NHS Strikes: UK’s Well-Being This Winter Hinges on Nursing Union Deals

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Winter is coming - and, as NHS Provider’s interim CEO Saffron Cordery states, the last thing patients and services need is prolonged strike action. 


Nursing, physician and support staff unions have carried out strikes across England regarding pay rises; or, the lack of them. Large unions are planning to stage strikes across the UK this winter unless ministers give NHS staff a pay rise at least equalling inflation, which is currently at 10.1%. 


Their grievances were heard by the country’s Met ministers at the Royal College of Nursing (RCN), after representatives pushed forward a vote to strike. Several members of the union balloted in favour of the nurses, who have been given the green light to go on strike at most hospitals and other places of care, from before Christmas. Health Secretary Steve Barclay spoke with RCN leaders and NHS union representatives of the other major NHS unions, including Unison, GMB and Unite, which are all balloting over industrial action. They represent the hundreds of thousands of health workers who strive to protect the public during the pandemic, and in the months following. 


Barclay intended for talks to avert the wave of strikes set to hit the NHS in the coming weeks. In an attempt to placate the unions, he offered 1 million NHS staff at least £1,400 a head for 2022-23, which equates to a rise of 4% to 5%. The results of Tuesday’s meeting are unlikely to pave the way to a sufficient deal, given the gulf between the government and unions over how big an uplift NHS staff deserve. 


Ahead of the meeting with Barclay, GMB national secretary Rachel Harrison, said: “The secretary of state has to make this more than a box-ticking exercise if he wants to avoid an unprecedented winter of NHS strikes.


“The reality is the NHS is propped up by the devotion of overworked health staff who effectively subsidise the Government to the tune of billions of pounds of free labour. And what’s their reward? More than a decade of real-terms pay cuts.”

“The failure to pay staff properly means that the NHS cannot recruit and retain the staff it needs, putting the safety of patients at risk every day. Without urgent action, the very future of our health service is on the line.”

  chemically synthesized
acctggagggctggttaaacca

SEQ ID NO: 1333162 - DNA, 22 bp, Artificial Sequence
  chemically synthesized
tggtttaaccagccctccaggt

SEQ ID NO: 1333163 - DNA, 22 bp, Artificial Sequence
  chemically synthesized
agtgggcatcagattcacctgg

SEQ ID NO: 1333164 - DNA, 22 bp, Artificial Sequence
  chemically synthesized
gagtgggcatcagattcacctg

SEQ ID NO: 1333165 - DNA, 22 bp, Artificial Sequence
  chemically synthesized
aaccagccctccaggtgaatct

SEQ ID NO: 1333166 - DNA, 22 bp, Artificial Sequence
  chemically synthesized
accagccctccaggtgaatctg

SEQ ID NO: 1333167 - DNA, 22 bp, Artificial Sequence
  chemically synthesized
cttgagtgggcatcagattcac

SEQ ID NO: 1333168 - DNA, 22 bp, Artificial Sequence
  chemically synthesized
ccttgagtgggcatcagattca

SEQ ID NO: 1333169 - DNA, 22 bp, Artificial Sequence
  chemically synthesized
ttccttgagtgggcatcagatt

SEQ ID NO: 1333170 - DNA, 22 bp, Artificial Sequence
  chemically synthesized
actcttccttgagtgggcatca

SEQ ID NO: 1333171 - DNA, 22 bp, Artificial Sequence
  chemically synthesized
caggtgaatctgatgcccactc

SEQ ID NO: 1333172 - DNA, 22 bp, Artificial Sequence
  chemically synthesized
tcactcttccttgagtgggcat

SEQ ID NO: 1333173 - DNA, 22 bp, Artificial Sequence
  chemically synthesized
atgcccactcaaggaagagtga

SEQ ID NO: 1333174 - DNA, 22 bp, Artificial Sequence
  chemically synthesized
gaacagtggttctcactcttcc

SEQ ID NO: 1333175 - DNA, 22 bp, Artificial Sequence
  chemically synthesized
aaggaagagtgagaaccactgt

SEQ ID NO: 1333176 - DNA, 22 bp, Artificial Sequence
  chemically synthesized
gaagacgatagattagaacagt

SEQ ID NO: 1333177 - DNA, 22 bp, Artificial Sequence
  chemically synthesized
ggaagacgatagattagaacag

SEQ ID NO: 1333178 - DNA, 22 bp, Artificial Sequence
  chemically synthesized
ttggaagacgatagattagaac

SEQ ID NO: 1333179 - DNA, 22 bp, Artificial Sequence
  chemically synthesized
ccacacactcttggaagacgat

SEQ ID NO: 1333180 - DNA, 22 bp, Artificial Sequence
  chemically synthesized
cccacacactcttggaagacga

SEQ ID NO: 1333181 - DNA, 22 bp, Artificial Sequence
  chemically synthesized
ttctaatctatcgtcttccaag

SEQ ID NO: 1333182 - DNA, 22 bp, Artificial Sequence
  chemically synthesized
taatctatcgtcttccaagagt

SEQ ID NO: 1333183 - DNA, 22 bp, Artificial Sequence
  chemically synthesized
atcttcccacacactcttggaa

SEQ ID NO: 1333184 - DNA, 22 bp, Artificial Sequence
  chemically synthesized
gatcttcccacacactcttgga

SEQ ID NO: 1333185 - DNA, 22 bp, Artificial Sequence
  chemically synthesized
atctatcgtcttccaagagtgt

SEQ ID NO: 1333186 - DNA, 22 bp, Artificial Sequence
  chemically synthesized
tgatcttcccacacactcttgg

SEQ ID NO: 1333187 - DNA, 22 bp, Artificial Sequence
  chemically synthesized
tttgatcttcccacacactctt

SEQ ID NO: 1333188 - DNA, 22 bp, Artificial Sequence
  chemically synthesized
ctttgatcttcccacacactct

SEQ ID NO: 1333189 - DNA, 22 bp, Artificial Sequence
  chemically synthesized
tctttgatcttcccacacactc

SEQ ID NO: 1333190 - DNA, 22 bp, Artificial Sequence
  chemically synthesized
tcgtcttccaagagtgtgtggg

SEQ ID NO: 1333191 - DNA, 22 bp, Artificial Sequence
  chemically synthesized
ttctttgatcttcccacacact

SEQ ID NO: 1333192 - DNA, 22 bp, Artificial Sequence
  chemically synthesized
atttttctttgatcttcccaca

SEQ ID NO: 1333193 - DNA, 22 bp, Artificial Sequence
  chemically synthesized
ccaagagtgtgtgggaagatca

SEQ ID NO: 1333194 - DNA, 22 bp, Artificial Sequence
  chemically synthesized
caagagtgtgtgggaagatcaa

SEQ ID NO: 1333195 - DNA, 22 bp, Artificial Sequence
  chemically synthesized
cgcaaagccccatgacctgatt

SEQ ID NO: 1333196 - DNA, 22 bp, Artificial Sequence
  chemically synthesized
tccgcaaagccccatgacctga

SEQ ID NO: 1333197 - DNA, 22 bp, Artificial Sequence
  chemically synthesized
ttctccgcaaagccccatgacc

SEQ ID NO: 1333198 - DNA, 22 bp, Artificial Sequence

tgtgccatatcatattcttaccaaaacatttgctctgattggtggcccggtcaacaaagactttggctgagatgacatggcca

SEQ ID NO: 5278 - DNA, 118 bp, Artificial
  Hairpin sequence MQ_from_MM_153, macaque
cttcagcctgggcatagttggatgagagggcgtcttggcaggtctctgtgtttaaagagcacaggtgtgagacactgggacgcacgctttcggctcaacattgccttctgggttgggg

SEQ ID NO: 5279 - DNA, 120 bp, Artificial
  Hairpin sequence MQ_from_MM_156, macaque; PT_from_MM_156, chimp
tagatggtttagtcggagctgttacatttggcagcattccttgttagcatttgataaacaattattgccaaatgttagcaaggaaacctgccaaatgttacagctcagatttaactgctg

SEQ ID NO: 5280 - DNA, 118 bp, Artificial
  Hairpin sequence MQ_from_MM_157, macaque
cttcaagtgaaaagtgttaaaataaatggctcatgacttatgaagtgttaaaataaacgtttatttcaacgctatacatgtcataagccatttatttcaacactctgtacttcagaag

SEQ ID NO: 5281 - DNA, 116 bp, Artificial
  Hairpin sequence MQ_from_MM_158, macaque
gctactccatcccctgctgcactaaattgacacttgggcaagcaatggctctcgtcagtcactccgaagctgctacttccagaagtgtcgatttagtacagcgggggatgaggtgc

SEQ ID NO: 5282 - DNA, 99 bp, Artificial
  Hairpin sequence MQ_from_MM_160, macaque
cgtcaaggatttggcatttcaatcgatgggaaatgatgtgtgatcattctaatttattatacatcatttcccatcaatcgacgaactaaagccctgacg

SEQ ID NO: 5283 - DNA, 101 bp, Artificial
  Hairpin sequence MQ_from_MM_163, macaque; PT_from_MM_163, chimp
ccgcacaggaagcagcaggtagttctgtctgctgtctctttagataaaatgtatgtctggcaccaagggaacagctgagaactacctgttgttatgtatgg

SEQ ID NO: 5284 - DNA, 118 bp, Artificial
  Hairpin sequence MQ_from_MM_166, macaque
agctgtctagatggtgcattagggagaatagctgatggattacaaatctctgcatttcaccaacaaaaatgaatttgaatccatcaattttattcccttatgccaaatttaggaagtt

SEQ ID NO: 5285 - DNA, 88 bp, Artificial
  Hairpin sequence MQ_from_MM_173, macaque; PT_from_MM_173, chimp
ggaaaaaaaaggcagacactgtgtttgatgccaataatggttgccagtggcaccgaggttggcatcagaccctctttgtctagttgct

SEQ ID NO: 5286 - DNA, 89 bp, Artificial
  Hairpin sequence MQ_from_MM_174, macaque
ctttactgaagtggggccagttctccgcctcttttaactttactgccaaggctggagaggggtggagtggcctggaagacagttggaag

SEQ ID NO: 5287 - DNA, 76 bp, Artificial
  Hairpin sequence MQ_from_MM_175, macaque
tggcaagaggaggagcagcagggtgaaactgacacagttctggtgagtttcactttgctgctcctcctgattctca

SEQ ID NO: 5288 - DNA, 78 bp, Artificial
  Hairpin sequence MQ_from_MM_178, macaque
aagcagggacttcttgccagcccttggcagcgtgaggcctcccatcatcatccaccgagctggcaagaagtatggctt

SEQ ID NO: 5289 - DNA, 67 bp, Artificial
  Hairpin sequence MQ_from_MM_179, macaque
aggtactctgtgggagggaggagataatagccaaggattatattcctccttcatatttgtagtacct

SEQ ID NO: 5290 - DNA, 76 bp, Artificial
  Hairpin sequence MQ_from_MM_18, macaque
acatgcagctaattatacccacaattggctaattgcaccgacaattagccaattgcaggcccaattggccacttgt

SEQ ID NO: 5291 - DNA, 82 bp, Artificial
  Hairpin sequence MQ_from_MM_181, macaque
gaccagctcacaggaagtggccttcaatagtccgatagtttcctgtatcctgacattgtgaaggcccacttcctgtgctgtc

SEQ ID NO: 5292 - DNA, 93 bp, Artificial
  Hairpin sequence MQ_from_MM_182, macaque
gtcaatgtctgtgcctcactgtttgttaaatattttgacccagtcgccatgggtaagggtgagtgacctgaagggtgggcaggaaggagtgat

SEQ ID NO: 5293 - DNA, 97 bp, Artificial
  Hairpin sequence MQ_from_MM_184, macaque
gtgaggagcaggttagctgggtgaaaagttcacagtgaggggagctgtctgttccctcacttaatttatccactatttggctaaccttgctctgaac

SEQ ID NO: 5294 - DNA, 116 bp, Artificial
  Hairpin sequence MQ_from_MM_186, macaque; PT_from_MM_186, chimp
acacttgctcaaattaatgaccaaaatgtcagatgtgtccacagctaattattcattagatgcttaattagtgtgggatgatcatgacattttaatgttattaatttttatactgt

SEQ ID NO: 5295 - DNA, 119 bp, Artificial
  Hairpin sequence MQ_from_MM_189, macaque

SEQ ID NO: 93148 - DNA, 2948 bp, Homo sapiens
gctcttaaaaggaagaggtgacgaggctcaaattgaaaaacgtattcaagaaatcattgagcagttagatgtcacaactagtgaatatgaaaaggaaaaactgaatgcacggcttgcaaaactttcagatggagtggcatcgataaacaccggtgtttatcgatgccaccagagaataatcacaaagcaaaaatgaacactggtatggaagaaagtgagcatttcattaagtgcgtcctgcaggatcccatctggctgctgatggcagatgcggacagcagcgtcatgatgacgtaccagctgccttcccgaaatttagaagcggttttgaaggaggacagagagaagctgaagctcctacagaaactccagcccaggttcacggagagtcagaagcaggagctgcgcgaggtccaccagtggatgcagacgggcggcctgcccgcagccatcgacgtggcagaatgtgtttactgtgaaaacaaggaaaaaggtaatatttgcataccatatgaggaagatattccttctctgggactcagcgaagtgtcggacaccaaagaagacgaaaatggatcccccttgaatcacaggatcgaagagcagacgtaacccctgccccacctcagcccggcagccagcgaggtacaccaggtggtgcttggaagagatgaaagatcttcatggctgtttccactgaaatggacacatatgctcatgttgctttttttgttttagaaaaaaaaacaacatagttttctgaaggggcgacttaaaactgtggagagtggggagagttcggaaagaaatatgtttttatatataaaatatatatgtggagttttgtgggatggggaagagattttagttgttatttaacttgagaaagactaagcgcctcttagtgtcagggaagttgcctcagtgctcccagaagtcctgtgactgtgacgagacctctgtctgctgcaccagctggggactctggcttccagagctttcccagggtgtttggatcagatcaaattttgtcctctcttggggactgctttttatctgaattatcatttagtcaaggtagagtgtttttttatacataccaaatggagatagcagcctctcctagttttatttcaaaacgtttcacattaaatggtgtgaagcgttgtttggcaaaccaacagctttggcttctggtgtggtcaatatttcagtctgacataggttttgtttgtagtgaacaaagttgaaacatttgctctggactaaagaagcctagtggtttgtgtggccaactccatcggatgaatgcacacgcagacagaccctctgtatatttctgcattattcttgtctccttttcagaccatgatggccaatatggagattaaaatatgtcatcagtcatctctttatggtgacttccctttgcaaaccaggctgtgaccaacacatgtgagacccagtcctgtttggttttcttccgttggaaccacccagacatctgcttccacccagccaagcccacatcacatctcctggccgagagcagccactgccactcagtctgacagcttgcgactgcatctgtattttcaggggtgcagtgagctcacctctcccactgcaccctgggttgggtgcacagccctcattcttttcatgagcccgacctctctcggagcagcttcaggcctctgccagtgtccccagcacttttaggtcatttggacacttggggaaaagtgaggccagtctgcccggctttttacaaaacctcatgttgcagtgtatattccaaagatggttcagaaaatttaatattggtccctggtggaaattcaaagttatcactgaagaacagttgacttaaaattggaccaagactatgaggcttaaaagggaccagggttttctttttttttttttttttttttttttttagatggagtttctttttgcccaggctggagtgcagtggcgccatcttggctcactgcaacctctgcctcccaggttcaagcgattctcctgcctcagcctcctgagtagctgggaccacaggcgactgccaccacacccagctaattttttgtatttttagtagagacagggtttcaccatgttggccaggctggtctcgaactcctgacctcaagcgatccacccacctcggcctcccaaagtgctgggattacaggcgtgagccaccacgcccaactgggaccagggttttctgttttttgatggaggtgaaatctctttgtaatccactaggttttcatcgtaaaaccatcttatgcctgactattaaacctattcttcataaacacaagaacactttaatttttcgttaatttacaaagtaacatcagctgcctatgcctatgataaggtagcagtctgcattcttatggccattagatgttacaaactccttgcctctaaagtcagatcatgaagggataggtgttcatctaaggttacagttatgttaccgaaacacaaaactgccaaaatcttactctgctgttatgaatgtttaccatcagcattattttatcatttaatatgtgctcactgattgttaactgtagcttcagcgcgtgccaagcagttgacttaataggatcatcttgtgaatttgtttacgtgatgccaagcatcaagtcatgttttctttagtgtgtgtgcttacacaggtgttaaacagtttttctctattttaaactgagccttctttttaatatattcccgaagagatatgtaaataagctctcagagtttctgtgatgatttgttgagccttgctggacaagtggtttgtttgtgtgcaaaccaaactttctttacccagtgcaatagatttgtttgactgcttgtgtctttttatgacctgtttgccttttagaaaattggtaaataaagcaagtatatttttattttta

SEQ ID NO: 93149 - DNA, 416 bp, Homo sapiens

Strikes and Implications on Wider NHS

Leading health figures are anxious to stem any industrial action due to fears that waiting lists and planned treatments will be stalled further. Despite recovery efforts, the NHS still faces record-high waiting times, with more than seven million people in England waiting for treatment. The votes could lead to paramedics, health care assistants, porters and cleaners joining nurses taking part in strike action. Although emergency care will resume during the RCN strike, elective care will be affected should strike action persist. 


It is no secret that nurses, among many healthcare frontline workers, have faced years of being overworked and under-compensated. In addition to long hours and fewer resources, nurses face a plethora of challenges as part of the pandemic fallout. Deep cuts in social care and mental health alongside a growing ageing population with more complex medical needs, mean that nurses and assistants are not always able to carry out the necessary level of care, which has left many feeling exhausted and demoralised.  


In addition, the increased workload caused by staff shortages and lack of community healthcare services makes it increasingly difficult for nurses to carry out the necessary level of care. Saffron Cordery said:

"We understand the frustration felt by nurses following years of below-inflation pay settlements, the rising cost of living, and working through a pandemic, and we strongly urge both sides in these talks to find a deal that recognises their hard work and skills.

"The last thing the health service needs right now is prolonged industrial action. It's good to see dialogue taking place."